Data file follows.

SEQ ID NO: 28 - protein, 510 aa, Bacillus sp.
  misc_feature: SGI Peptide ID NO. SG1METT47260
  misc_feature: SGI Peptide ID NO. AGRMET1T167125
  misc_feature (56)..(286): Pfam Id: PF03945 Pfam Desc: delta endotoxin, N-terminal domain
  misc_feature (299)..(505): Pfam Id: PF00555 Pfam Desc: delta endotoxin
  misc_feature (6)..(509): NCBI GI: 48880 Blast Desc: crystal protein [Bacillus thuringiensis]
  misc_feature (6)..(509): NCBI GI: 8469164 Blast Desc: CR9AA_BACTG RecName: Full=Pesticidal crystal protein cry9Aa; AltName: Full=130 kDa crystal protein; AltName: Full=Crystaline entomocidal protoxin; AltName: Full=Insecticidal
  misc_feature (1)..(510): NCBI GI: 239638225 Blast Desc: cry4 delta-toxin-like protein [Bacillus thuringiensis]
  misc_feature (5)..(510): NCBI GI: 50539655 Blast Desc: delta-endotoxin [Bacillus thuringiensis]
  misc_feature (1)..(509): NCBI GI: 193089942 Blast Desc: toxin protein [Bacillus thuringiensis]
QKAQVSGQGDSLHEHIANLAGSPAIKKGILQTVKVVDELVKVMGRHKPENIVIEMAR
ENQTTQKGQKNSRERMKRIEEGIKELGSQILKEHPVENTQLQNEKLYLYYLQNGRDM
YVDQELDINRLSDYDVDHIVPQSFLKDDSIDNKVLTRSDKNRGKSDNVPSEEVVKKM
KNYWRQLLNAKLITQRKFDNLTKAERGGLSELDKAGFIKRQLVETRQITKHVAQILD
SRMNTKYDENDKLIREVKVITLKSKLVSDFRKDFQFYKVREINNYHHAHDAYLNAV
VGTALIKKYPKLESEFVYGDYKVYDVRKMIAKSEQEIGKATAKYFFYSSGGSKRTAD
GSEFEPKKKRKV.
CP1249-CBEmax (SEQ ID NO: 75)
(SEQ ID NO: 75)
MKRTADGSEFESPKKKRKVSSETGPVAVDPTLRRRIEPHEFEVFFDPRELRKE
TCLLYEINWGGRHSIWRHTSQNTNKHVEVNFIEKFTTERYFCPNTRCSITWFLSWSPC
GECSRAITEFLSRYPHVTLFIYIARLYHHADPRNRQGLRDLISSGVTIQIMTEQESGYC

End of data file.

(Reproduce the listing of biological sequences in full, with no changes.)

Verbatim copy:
SEQ ID NO: 28 - protein, 510 aa, Bacillus sp.
  misc_feature: SGI Peptide ID NO. SG1METT47260
  misc_feature: SGI Peptide ID NO. AGRMET1T167125
  misc_feature (56)..(286): Pfam Id: PF03945 Pfam Desc: delta endotoxin, N-terminal domain
  misc_feature (299)..(505): Pfam Id: PF00555 Pfam Desc: delta endotoxin
  misc_feature (6)..(509): NCBI GI: 48880 Blast Desc: crystal protein [Bacillus thuringiensis]
  misc_feature (6)..(509): NCBI GI: 8469164 Blast Desc: CR9AA_BACTG RecName: Full=Pesticidal crystal protein cry9Aa; AltName: Full=130 kDa crystal protein; AltName: Full=Crystaline entomocidal protoxin; AltName: Full=Insecticidal
  misc_feature (1)..(510): NCBI GI: 239638225 Blast Desc: cry4 delta-toxin-like protein [Bacillus thuringiensis]
  misc_feature (5)..(510): NCBI GI: 50539655 Blast Desc: delta-endotoxin [Bacillus thuringiensis]
  misc_feature (1)..(509): NCBI GI: 193089942 Blast Desc: toxin protein [Bacillus thuringiensis]
QKAQVSGQGDSLHEHIANLAGSPAIKKGILQTVKVVDELVKVMGRHKPENIVIEMAR
ENQTTQKGQKNSRERMKRIEEGIKELGSQILKEHPVENTQLQNEKLYLYYLQNGRDM
YVDQELDINRLSDYDVDHIVPQSFLKDDSIDNKVLTRSDKNRGKSDNVPSEEVVKKM
KNYWRQLLNAKLITQRKFDNLTKAERGGLSELDKAGFIKRQLVETRQITKHVAQILD
SRMNTKYDENDKLIREVKVITLKSKLVSDFRKDFQFYKVREINNYHHAHDAYLNAV
VGTALIKKYPKLESEFVYGDYKVYDVRKMIAKSEQEIGKATAKYFFYSSGGSKRTAD
GSEFEPKKKRKV.
CP1249-CBEmax (SEQ ID NO: 75)
(SEQ ID NO: 75)
MKRTADGSEFESPKKKRKVSSETGPVAVDPTLRRRIEPHEFEVFFDPRELRKE
TCLLYEINWGGRHSIWRHTSQNTNKHVEVNFIEKFTTERYFCPNTRCSITWFLSWSPC
GECSRAITEFLSRYPHVTLFIYIARLYHHADPRNRQGLRDLISSGVTIQIMTEQESGYC